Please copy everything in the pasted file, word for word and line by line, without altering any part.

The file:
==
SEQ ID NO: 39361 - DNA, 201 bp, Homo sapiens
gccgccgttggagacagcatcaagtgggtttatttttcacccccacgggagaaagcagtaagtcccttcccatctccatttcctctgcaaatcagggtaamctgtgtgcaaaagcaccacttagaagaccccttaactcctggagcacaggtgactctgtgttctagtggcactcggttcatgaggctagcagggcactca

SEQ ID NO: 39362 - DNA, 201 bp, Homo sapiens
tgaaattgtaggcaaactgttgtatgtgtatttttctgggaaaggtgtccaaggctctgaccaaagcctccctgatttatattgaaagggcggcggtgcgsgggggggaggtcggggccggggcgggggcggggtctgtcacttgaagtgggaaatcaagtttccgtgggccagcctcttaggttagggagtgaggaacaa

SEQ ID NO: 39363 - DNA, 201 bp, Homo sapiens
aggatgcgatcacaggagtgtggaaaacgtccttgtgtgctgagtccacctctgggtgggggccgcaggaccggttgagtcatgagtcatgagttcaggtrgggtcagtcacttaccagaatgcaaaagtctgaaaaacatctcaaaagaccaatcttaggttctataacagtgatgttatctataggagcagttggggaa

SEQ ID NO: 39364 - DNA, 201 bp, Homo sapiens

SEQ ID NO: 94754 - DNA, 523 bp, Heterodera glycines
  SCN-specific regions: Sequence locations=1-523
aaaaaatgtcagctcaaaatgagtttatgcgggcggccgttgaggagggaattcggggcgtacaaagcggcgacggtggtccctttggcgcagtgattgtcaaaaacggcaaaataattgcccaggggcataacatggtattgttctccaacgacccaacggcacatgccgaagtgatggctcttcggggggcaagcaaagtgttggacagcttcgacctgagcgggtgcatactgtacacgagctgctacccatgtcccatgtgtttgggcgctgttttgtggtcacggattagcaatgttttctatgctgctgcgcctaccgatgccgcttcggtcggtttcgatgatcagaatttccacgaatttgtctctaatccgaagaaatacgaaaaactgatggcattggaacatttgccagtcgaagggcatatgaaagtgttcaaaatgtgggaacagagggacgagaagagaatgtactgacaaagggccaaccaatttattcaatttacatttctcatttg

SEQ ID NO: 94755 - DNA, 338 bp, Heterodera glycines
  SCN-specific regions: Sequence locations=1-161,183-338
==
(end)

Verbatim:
SEQ ID NO: 39361 - DNA, 201 bp, Homo sapiens
gccgccgttggagacagcatcaagtgggtttatttttcacccccacgggagaaagcagtaagtcccttcccatctccatttcctctgcaaatcagggtaamctgtgtgcaaaagcaccacttagaagaccccttaactcctggagcacaggtgactctgtgttctagtggcactcggttcatgaggctagcagggcactca

SEQ ID NO: 39362 - DNA, 201 bp, Homo sapiens
tgaaattgtaggcaaactgttgtatgtgtatttttctgggaaaggtgtccaaggctctgaccaaagcctccctgatttatattgaaagggcggcggtgcgsgggggggaggtcggggccggggcgggggcggggtctgtcacttgaagtgggaaatcaagtttccgtgggccagcctcttaggttagggagtgaggaacaa

SEQ ID NO: 39363 - DNA, 201 bp, Homo sapiens
aggatgcgatcacaggagtgtggaaaacgtccttgtgtgctgagtccacctctgggtgggggccgcaggaccggttgagtcatgagtcatgagttcaggtrgggtcagtcacttaccagaatgcaaaagtctgaaaaacatctcaaaagaccaatcttaggttctataacagtgatgttatctataggagcagttggggaa

SEQ ID NO: 39364 - DNA, 201 bp, Homo sapiens

SEQ ID NO: 94754 - DNA, 523 bp, Heterodera glycines
  SCN-specific regions: Sequence locations=1-523
aaaaaatgtcagctcaaaatgagtttatgcgggcggccgttgaggagggaattcggggcgtacaaagcggcgacggtggtccctttggcgcagtgattgtcaaaaacggcaaaataattgcccaggggcataacatggtattgttctccaacgacccaacggcacatgccgaagtgatggctcttcggggggcaagcaaagtgttggacagcttcgacctgagcgggtgcatactgtacacgagctgctacccatgtcccatgtgtttgggcgctgttttgtggtcacggattagcaatgttttctatgctgctgcgcctaccgatgccgcttcggtcggtttcgatgatcagaatttccacgaatttgtctctaatccgaagaaatacgaaaaactgatggcattggaacatttgccagtcgaagggcatatgaaagtgttcaaaatgtgggaacagagggacgagaagagaatgtactgacaaagggccaaccaatttattcaatttacatttctcatttg

SEQ ID NO: 94755 - DNA, 338 bp, Heterodera glycines
  SCN-specific regions: Sequence locations=1-161,183-338